Jupiter and Venus Conjunction—and the Moon

Earlier this week (13 November 2017) there was an opportunity to view a conjunction of the planets Venus and Jupiter in the pre-dawn sky. Venus is the brightest planet in the sky while Jupiter is the second brightest (and, of course, the largest). Pairings of these two planets in either the morning or evening sky are always an amazing sight. At closest approach, the distance separating the two planets was less than the diameter of the full moon. Jupiter was rising a bit higher each morning while Venus was dropping closer to the horizon.

Conjunction of Venus and Jupiter in the morning sky.
Conjunction of Venus and Jupiter in the morning sky.

For three mornings I shot photos of the morning sky. I then took the images from each day and created a layered image. Next, I shifted each image up/down, left/right until the planet Jupiter lined up. The result was that the composite contains a single image of Jupiter along with three images of Venus. This makes it easy to see how the two planets were shifting relative to each other over the course of three days.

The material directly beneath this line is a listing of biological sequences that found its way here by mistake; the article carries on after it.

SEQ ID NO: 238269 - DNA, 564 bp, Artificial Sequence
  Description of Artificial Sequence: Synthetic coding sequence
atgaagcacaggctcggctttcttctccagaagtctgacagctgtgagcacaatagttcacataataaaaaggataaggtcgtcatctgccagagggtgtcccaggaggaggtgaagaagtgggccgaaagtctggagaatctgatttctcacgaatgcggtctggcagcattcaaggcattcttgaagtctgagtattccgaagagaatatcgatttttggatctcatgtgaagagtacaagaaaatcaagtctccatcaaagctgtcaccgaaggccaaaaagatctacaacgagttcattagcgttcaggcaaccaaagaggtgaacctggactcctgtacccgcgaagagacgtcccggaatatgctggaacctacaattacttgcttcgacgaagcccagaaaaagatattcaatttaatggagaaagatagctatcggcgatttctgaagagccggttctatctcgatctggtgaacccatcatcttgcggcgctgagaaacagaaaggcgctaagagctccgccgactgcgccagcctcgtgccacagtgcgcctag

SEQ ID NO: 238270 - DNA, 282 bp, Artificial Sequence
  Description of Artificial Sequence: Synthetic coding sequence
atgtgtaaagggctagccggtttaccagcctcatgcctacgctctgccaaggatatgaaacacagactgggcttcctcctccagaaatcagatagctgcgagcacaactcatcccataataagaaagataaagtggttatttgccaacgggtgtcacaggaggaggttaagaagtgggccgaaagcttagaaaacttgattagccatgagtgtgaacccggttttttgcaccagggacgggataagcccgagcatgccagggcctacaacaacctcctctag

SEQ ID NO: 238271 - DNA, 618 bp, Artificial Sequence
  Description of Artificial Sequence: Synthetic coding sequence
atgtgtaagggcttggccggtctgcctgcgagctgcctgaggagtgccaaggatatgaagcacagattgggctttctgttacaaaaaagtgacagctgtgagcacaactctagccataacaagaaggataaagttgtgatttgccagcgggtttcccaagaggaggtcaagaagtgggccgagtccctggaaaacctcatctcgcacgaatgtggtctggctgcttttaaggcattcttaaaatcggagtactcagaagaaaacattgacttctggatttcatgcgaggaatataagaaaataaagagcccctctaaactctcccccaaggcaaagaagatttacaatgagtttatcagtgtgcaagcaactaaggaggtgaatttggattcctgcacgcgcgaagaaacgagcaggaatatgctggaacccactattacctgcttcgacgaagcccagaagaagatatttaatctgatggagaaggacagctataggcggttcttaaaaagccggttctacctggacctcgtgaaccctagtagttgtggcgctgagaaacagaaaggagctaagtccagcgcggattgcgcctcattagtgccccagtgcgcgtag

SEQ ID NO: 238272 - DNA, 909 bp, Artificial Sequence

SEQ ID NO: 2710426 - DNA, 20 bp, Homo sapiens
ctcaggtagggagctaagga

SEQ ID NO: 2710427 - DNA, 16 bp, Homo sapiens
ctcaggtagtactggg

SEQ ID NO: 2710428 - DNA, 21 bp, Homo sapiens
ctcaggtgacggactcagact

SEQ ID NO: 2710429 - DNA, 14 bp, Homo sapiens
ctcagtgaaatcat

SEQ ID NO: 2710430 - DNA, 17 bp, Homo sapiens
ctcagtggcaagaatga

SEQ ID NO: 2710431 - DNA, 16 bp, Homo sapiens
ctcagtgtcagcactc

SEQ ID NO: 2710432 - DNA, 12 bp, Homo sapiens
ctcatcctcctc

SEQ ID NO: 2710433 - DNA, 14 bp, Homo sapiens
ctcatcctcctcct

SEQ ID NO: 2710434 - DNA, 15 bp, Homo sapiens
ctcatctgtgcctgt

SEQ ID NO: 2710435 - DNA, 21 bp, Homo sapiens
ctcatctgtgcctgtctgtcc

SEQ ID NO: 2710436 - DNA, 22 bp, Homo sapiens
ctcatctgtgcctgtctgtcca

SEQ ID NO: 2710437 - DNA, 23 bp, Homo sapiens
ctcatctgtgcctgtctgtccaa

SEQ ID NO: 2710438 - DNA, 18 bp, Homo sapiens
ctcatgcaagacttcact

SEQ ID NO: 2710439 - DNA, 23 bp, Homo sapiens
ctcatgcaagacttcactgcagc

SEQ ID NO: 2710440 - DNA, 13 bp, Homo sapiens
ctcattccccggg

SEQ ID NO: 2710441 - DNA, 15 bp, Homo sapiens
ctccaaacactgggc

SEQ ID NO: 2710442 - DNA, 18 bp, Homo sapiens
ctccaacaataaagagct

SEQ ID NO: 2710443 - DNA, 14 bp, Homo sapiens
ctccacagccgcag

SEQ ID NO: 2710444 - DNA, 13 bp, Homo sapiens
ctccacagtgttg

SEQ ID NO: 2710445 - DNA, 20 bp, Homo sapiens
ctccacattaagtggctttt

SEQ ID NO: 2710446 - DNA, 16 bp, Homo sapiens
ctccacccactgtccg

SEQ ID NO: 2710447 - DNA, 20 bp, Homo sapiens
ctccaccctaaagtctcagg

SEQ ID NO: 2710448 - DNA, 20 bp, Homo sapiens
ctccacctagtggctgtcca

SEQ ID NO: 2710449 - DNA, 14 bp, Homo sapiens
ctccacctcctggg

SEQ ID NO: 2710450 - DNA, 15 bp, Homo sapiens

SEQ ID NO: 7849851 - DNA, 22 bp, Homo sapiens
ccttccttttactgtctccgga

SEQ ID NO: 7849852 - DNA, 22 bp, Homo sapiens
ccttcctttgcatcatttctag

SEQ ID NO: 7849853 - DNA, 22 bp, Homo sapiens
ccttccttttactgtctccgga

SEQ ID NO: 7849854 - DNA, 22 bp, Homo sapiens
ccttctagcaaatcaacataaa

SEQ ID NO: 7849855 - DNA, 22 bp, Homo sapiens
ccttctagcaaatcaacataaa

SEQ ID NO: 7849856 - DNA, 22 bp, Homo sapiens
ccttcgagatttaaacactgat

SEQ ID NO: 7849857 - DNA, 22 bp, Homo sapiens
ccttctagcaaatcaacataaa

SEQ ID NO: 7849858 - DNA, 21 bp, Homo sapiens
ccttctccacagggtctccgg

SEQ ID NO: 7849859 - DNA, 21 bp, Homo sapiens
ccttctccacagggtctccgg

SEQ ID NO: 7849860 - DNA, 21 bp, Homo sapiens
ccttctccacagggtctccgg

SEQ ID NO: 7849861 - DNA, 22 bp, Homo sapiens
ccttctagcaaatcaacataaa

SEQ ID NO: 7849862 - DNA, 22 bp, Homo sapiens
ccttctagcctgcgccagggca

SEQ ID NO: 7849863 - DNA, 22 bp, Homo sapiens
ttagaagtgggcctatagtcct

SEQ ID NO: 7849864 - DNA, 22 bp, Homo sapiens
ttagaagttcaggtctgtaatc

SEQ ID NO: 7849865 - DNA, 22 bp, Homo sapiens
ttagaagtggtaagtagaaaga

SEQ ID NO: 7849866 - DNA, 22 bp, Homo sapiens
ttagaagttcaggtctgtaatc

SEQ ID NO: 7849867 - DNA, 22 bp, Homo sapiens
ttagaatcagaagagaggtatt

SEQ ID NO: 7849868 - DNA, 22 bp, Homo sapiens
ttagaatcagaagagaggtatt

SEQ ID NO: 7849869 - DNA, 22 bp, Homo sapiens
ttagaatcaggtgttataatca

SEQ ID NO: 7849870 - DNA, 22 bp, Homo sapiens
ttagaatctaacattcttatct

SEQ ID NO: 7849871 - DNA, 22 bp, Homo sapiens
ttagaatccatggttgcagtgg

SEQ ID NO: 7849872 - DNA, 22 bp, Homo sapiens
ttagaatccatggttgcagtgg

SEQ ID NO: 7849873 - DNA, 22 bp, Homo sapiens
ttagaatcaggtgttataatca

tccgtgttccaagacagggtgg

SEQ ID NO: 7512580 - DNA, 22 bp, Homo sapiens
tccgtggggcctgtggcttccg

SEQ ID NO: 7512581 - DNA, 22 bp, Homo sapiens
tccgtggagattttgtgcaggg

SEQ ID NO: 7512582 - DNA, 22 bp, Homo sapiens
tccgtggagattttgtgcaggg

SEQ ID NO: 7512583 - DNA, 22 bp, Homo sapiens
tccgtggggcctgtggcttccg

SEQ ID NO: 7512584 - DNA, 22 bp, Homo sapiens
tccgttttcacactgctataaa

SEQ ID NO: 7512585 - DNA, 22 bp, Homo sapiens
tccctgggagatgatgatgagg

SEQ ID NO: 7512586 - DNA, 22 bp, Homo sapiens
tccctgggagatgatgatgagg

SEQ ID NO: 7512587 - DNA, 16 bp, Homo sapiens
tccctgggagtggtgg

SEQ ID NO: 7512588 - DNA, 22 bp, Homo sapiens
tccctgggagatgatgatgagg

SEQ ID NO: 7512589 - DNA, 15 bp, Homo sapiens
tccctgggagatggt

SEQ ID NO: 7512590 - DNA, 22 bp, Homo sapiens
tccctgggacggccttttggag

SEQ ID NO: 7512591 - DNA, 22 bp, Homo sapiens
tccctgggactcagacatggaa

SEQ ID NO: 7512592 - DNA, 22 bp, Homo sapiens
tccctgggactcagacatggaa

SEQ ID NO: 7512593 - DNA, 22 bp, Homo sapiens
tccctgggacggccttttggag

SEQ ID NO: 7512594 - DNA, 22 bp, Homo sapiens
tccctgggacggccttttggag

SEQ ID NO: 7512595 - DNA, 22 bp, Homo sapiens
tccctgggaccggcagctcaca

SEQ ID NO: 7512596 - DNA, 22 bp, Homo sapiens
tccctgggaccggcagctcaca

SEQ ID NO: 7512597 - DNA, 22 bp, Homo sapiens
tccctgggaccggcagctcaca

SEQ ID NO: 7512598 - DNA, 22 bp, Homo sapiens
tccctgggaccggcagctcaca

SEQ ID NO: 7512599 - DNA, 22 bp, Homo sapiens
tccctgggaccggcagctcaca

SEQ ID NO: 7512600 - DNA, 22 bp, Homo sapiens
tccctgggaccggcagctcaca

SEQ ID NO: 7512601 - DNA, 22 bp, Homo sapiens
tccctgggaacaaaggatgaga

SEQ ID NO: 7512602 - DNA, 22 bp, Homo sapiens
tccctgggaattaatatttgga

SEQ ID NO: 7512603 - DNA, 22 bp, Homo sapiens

Moon, Jupiter, and Venus in the morning sky.
Moon, Jupiter, and Venus in the morning sky.

But the show wasn’t over, yet. The waning moon was dropping lower in the sky each morning and on 16 November was located just above the pair of planets. About 4% of the moon is directly illuminated by the sun; the remainder is illuminated by Earthshine.

The photos were taken from Mars Hill where Lowell Observatory is located and look over the city of Flagstaff, Arizona, the worlds first International Dark Sky City.

Other planetary conjunctions of Venus and Jupiter have appeared on these pages before (26 May 2013; 18 August 2014).

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